National Gallery London, Sainsbury Wing, Architect, Images, NG200, Date, Extension Design, Photos
National Gallery London Architecture
Key Public Building in Trafalgar Square, England, UK Built Environment News
18 Feb 2022
The National Gallery Reveals Initial Proposals For NG200 Project As Public Consultation Starts
National Gallery London NG200 Project
14 July 2021
National Gallery Building London Renewal Winner
Selldorf Architects win the NG200 Project at The National Gallery
The National Gallery has today (14th of July 2021) announced that a team led by Selldorf Architects has been selected to work on a suite of capital projects to mark its Bicentenary, with an initial phase to be completed in 2024.
Selldorf Architects’ team also includes Purcell, Vogt Landscape, Arup, AEA Consulting, Pentagram, Kaizen and Kendrick Hobbs.
Annabelle Selldorf, founding Principal of Selldorf Architects, USA:
photo © Brigitte Lacombe
Based in New York, Selldorf Architects has considerable experience within the arts and culture sector across the UK, Europe, and the US. It counts among its current and previous clients: The Frick Collection, Luma Arles, the Museum of Contemporary Art San Diego, the Smithsonian American Art Museum, Neue Galerie New York, the Clark Art Institute, David Zwirner, Hauser & Wirth, Frieze Masters, and the Venice Art Biennale.
The Selldorf Architects-led team will work with the National Gallery to complete the initial phase of works to its Trafalgar Square buildings to greatly improve the ‘welcome’ it provides to the millions of visitors it receives each year. This will include remodelling parts of the Sainsbury Wing and the public realm, and the provision of a new Research Centre. These sensitive interventions will be pivotal in reshaping the National Gallery for its third century and the next generation of visitors.
Over the coming months, the approach submitted by Selldorf Architects’ team will be refined into a comprehensive brief alongside the National Gallery team, and extensive engagement and liaison with external stakeholders will begin.
Underpinning the brief is the desire to create healthy, sustainable, and accessible spaces and an environment that is open and inclusive where visitors can feel welcome and reflect as they plan their visit to one of the world’s finest art collections. Following a year of unprecedented challenges due to Covid-19, the National Gallery wants to build on its strength, inventiveness, and relevance to play a vital role in the nation’s recovery story.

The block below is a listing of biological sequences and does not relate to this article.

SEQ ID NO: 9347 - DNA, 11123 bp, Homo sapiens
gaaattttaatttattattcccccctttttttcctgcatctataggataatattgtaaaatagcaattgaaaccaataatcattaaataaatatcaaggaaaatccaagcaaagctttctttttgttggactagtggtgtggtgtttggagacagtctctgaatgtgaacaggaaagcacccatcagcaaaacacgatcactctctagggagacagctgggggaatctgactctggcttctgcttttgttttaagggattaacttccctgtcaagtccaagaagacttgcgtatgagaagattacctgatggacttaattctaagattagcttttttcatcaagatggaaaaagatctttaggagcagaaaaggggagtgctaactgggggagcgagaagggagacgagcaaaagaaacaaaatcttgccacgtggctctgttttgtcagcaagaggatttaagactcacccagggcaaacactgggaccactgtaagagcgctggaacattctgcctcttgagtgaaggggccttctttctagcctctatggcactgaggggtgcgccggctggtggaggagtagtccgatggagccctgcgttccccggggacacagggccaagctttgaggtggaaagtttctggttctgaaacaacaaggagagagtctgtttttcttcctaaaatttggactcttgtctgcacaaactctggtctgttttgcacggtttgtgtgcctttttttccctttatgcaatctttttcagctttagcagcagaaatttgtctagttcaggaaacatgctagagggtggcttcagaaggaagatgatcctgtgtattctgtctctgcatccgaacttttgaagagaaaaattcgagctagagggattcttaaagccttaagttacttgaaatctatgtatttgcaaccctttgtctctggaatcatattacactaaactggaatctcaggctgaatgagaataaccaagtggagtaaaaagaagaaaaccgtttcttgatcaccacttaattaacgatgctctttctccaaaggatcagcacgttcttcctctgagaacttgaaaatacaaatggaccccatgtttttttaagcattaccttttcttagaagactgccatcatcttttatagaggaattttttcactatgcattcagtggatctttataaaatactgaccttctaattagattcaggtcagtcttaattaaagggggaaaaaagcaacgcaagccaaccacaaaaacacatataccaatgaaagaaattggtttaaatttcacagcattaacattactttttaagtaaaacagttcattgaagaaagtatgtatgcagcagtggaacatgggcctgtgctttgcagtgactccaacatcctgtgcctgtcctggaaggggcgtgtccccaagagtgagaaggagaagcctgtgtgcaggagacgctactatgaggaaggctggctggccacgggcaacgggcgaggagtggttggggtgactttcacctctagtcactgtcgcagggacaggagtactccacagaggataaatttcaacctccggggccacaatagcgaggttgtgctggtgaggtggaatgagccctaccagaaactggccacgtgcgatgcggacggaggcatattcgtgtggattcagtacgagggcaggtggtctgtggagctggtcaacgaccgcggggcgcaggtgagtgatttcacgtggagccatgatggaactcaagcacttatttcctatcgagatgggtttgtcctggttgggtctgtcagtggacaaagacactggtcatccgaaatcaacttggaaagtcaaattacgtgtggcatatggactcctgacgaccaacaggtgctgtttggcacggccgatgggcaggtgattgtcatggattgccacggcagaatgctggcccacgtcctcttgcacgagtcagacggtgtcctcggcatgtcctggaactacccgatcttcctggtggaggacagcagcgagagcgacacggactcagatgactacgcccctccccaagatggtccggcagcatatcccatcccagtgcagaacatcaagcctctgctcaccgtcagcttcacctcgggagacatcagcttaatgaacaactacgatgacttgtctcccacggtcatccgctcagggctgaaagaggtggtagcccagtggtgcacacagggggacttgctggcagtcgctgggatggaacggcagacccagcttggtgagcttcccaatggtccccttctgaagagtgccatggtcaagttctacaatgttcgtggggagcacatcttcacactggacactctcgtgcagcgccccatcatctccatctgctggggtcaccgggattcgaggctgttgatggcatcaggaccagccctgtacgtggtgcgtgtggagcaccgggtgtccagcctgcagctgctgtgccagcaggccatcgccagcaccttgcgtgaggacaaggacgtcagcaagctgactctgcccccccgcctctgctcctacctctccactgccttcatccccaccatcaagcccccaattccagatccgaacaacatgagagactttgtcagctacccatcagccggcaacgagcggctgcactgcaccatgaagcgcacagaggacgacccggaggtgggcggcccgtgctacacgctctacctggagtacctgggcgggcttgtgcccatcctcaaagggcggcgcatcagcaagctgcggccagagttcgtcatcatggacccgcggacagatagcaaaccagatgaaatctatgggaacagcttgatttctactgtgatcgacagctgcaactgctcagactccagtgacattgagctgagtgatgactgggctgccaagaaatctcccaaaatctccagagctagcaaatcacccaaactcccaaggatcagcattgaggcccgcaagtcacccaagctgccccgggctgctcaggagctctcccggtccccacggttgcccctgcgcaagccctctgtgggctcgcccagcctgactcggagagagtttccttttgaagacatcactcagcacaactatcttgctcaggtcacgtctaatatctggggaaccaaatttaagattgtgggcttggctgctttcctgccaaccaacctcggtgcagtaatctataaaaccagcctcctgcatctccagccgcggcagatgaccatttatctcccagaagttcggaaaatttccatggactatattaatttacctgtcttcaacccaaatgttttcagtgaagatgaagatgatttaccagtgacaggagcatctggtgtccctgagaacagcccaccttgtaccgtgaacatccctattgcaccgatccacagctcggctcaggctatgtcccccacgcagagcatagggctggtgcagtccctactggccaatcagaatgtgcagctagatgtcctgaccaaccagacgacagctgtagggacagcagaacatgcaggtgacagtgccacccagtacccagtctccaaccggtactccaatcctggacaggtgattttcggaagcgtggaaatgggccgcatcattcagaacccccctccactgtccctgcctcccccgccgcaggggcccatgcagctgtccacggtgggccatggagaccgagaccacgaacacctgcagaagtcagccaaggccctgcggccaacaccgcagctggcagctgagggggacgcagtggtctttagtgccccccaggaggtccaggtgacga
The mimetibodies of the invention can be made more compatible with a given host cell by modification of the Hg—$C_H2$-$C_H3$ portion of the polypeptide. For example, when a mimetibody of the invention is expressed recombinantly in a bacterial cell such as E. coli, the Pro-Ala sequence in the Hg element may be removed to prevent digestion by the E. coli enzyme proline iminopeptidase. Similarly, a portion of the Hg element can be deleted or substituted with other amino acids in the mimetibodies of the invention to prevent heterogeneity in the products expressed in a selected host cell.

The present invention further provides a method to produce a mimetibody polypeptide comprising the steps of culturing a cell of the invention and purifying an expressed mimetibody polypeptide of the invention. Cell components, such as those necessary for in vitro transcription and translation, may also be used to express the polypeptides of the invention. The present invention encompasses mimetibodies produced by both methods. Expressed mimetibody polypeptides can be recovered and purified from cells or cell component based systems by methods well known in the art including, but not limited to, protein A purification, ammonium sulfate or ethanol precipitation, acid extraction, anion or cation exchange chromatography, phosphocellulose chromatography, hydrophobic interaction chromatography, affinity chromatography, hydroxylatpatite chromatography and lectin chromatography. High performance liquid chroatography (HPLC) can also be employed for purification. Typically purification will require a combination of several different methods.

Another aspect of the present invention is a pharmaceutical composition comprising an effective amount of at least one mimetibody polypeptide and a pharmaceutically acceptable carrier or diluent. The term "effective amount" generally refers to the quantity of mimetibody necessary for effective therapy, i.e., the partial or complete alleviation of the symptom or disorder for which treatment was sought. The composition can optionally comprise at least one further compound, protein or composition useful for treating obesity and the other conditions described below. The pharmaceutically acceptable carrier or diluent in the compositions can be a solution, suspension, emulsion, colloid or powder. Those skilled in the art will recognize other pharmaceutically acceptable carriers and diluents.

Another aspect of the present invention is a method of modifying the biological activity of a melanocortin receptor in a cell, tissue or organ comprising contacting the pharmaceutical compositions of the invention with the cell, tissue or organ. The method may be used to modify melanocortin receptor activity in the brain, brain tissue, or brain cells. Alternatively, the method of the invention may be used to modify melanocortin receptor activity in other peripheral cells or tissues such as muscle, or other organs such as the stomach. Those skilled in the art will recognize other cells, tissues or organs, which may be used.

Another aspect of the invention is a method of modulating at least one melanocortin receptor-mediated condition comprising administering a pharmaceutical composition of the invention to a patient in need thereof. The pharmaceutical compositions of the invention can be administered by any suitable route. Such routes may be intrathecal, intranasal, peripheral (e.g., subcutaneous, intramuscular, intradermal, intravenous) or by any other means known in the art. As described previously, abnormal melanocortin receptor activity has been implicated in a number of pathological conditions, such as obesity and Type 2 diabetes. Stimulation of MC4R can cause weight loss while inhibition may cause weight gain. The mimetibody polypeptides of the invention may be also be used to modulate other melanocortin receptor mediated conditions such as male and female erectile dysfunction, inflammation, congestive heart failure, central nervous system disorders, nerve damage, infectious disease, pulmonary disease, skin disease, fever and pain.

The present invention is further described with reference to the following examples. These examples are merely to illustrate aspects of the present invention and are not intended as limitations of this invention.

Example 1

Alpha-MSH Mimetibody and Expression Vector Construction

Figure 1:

A major part of the National Gallery’s Bicentenary celebrations will be a programme of inspirational exhibitions and outreach around the country and around the world, under the banner NG200. The National Gallery plans to engage the whole of the UK with the Gallery’s collection, demonstrating itself as a national institution at the heart of national life. An extensive programme of digital engagement will also be leveraged to extend and redefine the Gallery’s influence as a global digital institution.
Commenting on the appointment of Selldorf Architects, Director of the National Gallery, Dr Gabriele Finaldi said:
‘We are delighted to appoint Selldorf Architects as the design-team partner for NG200. Throughout the selection process, Selldorf Architects demonstrated a real understanding of our ambitions as well as sensitivity to the heritage of our existing buildings. However, the talent and tenacity demonstrated at all levels by each of the six shortlisted teams was remarkable. I would like to thank all those involved, particularly the judging panel who have guided us through the selection process.
The capital projects form the first stage of our Bicentenary celebrations and are essential in building the foundations of the Gallery’s future. Working alongside Selldorf Architects, we will develop and deliver a detailed brief that will be the framework through which we consolidate our role as the nation’s gallery.
The next five years will be pivotal in fighting our way out of the crisis of Covid-19. We recognise the catastrophic impact this has had on so many, and particularly on arts and culture institutions’ visitor numbers. It will take time for these to return to 2019 levels, but there is hope on the horizon and arts and culture will be crucial in the healing of our country. We plan to build on our strengths, respond to challenges and opportunities, and forge a pathway to the National Gallery of the future – for the nation and for the world.
Our Bicentenary in 2024 is a key moment in this creation of the new National Gallery. We will demonstrate the values we hold, and the value we create as we enter our third century with renewed and bold ambition, and perhaps most importantly – hope.’
photo courtesy of the National Gallery
Annabelle Selldorf, founding Principal of Selldorf Architects, added:
‘It is an honour to be appointed to work alongside the National Gallery on its NG200 project. This is a significant opportunity for an iconic cultural institution to reflect on its ambitions for the future and drive forwards an innovative, bespoke brief that befits its many visitors. The National Gallery is home to one of the most exceptional collections of art in the world and has often led the way for other institutions globally.
Our team will work sensitively and thoughtfully with the National Gallery, guided by its vision for a Gallery of the future that is inspiring, sustainable, and truly inclusive.’